Diana McCarthy, Rob Koeling, Julie Weeds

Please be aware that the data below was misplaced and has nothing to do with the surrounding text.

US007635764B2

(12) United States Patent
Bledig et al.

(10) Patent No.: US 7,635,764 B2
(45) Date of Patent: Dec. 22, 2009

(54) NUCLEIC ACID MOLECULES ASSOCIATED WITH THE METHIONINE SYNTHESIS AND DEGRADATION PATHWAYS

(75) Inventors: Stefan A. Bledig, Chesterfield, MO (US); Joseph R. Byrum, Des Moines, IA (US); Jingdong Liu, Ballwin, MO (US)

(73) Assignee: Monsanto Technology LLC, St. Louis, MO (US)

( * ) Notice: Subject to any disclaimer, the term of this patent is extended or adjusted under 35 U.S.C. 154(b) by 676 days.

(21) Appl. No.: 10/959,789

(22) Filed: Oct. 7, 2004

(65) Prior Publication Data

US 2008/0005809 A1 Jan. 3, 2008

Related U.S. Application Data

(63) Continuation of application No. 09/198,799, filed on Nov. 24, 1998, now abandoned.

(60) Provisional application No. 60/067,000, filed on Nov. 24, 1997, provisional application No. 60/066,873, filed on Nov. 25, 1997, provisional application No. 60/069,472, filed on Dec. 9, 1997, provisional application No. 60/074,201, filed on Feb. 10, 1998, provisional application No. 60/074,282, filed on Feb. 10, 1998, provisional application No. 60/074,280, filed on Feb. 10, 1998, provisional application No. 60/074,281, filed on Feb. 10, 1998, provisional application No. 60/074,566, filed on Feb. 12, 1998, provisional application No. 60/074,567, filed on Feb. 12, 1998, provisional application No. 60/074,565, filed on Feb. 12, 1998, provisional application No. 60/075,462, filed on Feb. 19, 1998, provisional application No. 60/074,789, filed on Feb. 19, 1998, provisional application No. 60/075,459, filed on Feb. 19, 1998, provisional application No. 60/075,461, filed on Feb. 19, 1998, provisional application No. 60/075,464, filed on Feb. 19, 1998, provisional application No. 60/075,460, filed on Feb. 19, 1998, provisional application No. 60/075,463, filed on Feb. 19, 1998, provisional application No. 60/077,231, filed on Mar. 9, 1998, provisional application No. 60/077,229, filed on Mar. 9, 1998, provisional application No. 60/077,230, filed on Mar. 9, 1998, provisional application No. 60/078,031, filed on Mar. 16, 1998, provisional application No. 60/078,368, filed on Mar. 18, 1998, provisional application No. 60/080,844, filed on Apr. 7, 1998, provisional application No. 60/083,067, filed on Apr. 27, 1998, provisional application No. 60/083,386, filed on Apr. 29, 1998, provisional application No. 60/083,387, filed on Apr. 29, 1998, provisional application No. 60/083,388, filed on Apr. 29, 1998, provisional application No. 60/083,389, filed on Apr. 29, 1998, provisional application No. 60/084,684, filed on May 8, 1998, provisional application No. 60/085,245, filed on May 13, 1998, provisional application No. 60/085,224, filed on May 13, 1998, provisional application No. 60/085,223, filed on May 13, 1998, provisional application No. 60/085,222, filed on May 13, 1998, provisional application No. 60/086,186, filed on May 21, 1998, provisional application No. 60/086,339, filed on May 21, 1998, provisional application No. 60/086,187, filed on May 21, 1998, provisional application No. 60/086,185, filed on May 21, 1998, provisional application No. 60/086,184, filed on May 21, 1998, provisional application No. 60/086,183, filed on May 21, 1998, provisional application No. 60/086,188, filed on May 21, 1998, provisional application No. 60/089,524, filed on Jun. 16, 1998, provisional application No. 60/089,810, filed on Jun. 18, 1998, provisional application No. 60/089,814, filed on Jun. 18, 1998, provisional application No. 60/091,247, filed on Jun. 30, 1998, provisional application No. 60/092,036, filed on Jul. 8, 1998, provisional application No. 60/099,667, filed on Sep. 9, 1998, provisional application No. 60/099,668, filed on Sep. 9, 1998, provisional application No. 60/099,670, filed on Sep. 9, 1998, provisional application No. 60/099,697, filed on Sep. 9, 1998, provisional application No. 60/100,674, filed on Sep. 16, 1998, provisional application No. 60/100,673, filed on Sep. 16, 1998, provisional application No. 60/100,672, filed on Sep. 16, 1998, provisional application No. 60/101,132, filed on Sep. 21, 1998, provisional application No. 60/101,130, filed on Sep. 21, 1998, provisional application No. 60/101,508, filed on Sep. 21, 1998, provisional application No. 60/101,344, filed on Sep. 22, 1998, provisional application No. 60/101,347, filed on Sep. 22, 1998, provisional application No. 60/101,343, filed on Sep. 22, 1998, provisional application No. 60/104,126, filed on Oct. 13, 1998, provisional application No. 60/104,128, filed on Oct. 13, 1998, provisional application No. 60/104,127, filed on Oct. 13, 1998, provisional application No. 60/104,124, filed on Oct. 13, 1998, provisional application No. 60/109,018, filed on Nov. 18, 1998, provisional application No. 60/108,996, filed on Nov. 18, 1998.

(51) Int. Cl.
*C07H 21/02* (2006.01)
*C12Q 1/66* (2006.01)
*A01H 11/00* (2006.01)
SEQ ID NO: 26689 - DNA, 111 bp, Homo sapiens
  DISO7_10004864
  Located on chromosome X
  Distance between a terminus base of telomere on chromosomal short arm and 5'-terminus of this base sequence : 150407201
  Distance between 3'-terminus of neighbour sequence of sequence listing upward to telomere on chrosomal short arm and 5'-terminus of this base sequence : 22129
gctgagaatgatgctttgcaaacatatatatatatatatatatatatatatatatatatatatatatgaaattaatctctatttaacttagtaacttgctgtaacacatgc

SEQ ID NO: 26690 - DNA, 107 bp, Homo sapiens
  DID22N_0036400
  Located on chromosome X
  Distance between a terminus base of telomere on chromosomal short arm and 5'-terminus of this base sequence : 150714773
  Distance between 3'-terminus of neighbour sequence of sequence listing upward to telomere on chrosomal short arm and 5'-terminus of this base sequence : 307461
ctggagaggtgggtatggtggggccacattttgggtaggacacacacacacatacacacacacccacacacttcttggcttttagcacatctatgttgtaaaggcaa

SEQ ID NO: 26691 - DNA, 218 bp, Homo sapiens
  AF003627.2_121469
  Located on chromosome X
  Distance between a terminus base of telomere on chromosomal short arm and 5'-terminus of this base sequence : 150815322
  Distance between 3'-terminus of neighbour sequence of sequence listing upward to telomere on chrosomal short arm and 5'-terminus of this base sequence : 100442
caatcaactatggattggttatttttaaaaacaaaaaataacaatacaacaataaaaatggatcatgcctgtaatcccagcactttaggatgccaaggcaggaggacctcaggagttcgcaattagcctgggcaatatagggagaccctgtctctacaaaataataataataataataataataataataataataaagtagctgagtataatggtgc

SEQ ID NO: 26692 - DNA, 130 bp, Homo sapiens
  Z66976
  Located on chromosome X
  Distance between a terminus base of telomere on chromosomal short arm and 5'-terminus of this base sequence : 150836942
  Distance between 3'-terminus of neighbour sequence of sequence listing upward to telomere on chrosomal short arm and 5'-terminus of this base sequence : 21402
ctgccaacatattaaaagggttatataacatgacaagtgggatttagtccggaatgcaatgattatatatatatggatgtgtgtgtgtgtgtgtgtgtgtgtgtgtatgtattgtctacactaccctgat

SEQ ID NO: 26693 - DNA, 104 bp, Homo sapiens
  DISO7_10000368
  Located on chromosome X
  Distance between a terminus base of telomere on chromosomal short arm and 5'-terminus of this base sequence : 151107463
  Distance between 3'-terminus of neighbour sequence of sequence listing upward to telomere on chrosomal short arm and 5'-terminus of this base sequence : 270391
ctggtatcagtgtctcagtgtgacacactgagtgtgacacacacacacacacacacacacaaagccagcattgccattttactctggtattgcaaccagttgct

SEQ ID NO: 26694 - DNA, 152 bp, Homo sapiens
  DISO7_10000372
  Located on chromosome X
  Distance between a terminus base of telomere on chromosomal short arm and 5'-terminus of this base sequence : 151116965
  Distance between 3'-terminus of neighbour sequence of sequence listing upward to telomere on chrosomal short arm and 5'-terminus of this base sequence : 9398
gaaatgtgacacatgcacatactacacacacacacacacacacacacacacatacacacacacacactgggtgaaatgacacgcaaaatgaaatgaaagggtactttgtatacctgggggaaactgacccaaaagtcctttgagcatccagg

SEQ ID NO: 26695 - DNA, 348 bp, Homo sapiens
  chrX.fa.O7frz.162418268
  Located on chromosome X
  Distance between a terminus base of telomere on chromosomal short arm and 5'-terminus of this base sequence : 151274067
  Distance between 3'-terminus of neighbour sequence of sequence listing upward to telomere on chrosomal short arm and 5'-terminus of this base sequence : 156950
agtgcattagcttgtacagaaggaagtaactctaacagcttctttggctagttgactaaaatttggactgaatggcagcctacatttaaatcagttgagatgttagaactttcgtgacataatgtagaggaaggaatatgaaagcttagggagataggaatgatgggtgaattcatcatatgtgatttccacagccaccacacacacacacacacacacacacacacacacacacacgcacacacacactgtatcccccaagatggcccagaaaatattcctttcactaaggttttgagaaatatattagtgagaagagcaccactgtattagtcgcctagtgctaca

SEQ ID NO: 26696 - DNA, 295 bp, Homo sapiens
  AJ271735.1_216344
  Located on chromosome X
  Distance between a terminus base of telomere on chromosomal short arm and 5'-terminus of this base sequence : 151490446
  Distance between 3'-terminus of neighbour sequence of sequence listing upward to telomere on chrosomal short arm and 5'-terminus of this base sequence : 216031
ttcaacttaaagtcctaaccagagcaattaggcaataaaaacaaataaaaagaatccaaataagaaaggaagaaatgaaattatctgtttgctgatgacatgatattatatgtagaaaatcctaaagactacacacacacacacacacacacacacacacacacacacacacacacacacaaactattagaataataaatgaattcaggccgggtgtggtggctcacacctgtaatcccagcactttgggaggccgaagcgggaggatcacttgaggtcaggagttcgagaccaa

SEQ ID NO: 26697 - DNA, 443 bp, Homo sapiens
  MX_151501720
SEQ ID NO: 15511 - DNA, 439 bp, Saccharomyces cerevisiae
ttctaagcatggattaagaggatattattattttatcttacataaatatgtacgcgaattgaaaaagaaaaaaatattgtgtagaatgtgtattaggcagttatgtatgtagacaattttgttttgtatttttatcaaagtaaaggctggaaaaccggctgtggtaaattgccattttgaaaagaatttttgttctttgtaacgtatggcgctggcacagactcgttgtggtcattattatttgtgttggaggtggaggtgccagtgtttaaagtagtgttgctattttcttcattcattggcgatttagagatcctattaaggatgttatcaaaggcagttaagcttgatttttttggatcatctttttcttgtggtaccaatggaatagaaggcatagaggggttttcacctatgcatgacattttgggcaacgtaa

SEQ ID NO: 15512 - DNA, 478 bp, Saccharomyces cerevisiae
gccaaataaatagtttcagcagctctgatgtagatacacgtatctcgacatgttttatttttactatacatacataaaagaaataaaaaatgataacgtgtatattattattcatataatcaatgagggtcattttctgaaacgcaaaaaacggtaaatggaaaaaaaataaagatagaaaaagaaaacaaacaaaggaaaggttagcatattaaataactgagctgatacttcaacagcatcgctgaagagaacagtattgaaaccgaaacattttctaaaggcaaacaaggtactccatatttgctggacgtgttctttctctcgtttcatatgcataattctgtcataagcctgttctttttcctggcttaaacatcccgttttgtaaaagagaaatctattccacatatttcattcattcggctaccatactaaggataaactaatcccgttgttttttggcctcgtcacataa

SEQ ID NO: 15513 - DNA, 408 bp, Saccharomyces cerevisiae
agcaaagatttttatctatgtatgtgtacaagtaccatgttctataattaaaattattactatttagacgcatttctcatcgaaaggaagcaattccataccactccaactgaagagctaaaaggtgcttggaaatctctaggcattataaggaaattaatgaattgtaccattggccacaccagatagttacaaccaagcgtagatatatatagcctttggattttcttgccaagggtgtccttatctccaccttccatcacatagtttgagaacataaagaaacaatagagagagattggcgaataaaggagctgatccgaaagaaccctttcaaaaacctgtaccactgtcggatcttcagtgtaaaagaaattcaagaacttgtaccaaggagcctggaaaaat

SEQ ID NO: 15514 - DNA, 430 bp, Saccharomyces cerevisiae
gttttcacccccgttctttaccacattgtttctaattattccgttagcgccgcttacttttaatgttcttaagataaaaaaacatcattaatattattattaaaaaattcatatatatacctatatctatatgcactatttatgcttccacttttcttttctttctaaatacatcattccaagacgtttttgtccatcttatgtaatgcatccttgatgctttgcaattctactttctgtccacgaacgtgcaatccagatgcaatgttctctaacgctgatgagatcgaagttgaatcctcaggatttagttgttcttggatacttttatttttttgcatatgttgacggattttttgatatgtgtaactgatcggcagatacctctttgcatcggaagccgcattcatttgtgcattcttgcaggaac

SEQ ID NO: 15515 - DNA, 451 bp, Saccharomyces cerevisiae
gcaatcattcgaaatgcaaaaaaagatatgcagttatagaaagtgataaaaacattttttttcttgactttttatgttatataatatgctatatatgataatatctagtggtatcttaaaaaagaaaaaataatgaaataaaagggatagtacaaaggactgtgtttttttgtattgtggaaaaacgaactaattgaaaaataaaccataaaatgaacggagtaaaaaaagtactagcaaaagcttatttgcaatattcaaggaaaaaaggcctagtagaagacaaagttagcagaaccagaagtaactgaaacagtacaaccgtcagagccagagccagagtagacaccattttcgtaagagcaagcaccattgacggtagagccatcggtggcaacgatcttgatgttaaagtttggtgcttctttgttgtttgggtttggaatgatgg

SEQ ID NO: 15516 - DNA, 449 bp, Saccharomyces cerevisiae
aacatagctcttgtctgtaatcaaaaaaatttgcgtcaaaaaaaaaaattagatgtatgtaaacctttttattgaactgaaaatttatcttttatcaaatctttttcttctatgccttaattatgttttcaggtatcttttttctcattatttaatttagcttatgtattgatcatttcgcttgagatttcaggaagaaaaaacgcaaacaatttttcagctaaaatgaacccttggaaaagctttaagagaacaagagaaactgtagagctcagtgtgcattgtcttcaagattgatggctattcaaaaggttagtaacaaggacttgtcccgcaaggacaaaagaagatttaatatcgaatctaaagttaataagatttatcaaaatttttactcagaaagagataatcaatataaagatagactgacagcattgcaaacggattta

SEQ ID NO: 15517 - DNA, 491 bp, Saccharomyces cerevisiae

In word sense disambiguation (WSD), the heuristic of choosing the first listed sense in a dictionary is often hard to beat, especially by systems that do not exploit hand-tagged training data. The problem with using the first sense heuristic, aside from the fact that it does not take surrounding context into account, is that it assumes some quantity of hand-tagged data. Whilst there are some hand-tagged corpora available for some languages, one would expect the frequency distribution of the senses of words to depend on the genre and domain of the text under consideration. For example, one would expect a different predominant sense for 'star' if one were looking at scientific astronomy reports compared with popular news. We present work on the use of the WordNet similarity package and a thesaurus automatically acquired from raw textual corpora to rank WordNet noun senses automatically. The results are promising when evaluated against the gold-standard provided by SemCor, giving us a theoretical WSD precision of 60% on an all-words task. Moreover, some of the ranking errors can be explained by differences in the corpus data used to produce the thesaurus compared to this gold-standard. Our experiments also show that the automatic ranking can be used to filter senses which are unseen or infrequent in the gold-standard.